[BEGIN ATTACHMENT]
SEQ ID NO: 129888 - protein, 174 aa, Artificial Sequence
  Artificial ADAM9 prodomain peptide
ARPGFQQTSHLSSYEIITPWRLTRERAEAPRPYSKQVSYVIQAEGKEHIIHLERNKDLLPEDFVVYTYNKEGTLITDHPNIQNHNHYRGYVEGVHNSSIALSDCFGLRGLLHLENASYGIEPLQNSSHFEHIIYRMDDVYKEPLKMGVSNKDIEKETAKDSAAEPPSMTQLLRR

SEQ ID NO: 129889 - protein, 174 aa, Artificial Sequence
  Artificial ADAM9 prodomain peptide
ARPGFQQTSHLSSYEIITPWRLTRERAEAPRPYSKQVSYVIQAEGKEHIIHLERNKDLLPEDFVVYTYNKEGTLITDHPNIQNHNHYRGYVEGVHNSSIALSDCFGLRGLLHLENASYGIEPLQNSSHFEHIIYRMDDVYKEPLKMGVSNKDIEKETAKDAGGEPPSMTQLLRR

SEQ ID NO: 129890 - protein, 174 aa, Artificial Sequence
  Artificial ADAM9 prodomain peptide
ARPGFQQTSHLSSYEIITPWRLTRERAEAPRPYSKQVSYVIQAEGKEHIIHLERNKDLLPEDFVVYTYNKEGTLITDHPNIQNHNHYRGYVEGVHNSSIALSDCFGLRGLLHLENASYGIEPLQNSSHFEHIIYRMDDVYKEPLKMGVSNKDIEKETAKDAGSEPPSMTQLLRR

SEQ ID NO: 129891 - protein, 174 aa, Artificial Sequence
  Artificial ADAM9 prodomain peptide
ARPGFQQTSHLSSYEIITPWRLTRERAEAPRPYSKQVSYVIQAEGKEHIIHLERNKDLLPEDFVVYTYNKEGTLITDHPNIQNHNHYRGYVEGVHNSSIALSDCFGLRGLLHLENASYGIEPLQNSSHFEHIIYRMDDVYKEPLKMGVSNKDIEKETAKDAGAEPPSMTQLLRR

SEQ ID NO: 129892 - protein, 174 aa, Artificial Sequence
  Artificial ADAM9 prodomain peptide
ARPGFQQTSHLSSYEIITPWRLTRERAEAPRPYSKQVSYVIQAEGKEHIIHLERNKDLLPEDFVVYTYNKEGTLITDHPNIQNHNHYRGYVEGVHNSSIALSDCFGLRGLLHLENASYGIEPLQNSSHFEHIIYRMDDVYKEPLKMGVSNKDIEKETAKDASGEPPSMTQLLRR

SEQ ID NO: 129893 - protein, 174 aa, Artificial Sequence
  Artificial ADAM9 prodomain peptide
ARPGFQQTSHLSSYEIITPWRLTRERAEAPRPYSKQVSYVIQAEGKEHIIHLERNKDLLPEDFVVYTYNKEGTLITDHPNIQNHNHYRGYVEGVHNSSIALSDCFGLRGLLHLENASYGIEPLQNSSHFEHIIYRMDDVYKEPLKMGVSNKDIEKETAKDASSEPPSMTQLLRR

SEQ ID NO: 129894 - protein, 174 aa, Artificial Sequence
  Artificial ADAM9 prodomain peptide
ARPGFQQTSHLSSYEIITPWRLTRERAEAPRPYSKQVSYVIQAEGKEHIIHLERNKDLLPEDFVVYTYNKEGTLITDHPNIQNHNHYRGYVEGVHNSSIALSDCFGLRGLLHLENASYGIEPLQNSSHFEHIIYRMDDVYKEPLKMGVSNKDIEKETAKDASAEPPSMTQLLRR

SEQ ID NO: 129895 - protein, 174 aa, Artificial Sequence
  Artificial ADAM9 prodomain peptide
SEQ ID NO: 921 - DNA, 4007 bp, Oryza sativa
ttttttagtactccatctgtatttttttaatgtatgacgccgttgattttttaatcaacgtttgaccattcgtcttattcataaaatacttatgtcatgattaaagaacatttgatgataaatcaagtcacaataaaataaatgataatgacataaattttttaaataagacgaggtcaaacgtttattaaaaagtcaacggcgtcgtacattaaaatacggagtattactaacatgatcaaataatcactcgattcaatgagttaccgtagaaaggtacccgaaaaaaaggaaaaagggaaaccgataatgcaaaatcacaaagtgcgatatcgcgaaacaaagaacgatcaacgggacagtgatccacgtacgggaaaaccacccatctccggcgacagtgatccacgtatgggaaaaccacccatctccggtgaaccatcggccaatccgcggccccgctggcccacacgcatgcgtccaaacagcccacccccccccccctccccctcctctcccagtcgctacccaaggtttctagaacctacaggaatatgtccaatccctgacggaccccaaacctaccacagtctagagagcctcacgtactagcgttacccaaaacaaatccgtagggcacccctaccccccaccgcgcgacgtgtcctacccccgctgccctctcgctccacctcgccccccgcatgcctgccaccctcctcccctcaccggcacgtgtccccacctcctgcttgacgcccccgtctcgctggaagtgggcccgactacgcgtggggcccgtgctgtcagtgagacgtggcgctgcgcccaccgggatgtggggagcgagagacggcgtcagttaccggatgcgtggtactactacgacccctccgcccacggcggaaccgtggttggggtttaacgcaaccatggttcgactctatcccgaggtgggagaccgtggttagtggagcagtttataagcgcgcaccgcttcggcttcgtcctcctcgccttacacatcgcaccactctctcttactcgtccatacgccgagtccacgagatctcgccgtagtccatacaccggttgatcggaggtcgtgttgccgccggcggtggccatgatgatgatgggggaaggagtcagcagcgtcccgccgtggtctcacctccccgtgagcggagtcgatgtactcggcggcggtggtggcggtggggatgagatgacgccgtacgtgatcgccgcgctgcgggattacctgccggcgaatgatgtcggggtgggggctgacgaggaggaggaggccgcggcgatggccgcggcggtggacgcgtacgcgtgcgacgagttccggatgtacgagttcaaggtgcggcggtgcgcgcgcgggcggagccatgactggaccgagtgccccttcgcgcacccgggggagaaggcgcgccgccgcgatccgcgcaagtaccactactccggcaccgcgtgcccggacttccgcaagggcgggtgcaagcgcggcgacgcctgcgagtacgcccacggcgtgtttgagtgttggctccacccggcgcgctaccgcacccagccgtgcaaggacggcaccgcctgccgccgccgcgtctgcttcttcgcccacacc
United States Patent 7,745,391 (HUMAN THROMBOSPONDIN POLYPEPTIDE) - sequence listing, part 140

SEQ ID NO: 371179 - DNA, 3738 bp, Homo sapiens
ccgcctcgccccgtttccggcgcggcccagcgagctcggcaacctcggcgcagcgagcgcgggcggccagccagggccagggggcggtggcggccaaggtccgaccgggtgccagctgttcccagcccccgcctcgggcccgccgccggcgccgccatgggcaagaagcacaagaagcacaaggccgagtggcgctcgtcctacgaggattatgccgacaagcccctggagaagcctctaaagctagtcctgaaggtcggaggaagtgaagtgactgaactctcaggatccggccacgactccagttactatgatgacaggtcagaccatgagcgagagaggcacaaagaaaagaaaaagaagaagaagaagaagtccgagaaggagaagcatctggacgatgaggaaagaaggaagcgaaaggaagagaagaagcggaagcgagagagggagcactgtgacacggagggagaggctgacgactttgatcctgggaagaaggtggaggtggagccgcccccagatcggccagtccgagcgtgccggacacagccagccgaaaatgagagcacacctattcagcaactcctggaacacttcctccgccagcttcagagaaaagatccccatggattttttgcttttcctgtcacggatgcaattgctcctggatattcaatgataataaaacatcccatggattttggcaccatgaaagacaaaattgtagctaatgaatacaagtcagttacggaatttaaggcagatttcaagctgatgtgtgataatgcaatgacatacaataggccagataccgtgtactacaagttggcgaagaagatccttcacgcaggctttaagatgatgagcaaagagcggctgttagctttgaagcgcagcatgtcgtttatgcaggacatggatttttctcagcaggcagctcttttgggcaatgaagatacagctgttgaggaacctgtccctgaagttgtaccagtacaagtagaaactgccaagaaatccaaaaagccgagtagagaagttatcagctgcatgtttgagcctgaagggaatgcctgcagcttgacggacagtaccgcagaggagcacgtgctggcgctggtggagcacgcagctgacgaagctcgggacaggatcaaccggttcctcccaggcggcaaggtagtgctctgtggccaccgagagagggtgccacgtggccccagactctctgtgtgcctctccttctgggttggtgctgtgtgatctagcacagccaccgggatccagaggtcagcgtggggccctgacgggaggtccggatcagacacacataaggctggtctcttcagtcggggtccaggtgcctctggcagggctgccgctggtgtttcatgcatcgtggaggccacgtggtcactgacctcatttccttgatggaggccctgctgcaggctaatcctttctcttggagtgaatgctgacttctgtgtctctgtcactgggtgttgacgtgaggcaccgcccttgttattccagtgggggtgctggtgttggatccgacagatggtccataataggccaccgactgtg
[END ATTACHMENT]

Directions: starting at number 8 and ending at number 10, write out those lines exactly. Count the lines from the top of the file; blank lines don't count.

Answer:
  Artificial ADAM9 prodomain peptide
ARPGFQQTSHLSSYEIITPWRLTRERAEAPRPYSKQVSYVIQAEGKEHIIHLERNKDLLPEDFVVYTYNKEGTLITDHPNIQNHNHYRGYVEGVHNSSIALSDCFGLRGLLHLENASYGIEPLQNSSHFEHIIYRMDDVYKEPLKMGVSNKDIEKETAKDAGSEPPSMTQLLRR

SEQ ID NO: 129891 - protein, 174 aa, Artificial Sequence